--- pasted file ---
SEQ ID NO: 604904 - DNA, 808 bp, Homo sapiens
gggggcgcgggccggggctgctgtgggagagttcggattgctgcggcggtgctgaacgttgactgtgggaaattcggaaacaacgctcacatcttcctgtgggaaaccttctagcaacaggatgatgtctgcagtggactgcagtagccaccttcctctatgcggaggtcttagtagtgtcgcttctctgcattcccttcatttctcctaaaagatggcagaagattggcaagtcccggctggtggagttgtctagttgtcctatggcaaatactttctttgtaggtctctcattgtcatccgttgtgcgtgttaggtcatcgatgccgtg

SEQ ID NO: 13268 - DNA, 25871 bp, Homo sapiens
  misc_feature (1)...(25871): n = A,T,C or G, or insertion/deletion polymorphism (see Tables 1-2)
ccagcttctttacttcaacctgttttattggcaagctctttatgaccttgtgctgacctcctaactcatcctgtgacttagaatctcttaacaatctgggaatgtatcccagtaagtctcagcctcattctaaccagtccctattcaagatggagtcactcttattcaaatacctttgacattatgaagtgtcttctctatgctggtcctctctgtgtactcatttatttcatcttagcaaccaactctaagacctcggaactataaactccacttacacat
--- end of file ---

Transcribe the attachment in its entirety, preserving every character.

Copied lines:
SEQ ID NO: 604904 - DNA, 808 bp, Homo sapiens
gggggcgcgggccggggctgctgtgggagagttcggattgctgcggcggtgctgaacgttgactgtgggaaattcggaaacaacgctcacatcttcctgtgggaaaccttctagcaacaggatgatgtctgcagtggactgcagtagccaccttcctctatgcggaggtcttagtagtgtcgcttctctgcattcccttcatttctcctaaaagatggcagaagattggcaagtcccggctggtggagttgtctagttgtcctatggcaaatactttctttgtaggtctctcattgtcatccgttgtgcgtgttaggtcatcgatgccgtg

SEQ ID NO: 13268 - DNA, 25871 bp, Homo sapiens
  misc_feature (1)...(25871): n = A,T,C or G, or insertion/deletion polymorphism (see Tables 1-2)
ccagcttctttacttcaacctgttttattggcaagctctttatgaccttgtgctgacctcctaactcatcctgtgacttagaatctcttaacaatctgggaatgtatcccagtaagtctcagcctcattctaaccagtccctattcaagatggagtcactcttattcaaatacctttgacattatgaagtgtcttctctatgctggtcctctctgtgtactcatttatttcatcttagcaaccaactctaagacctcggaactataaactccacttacacat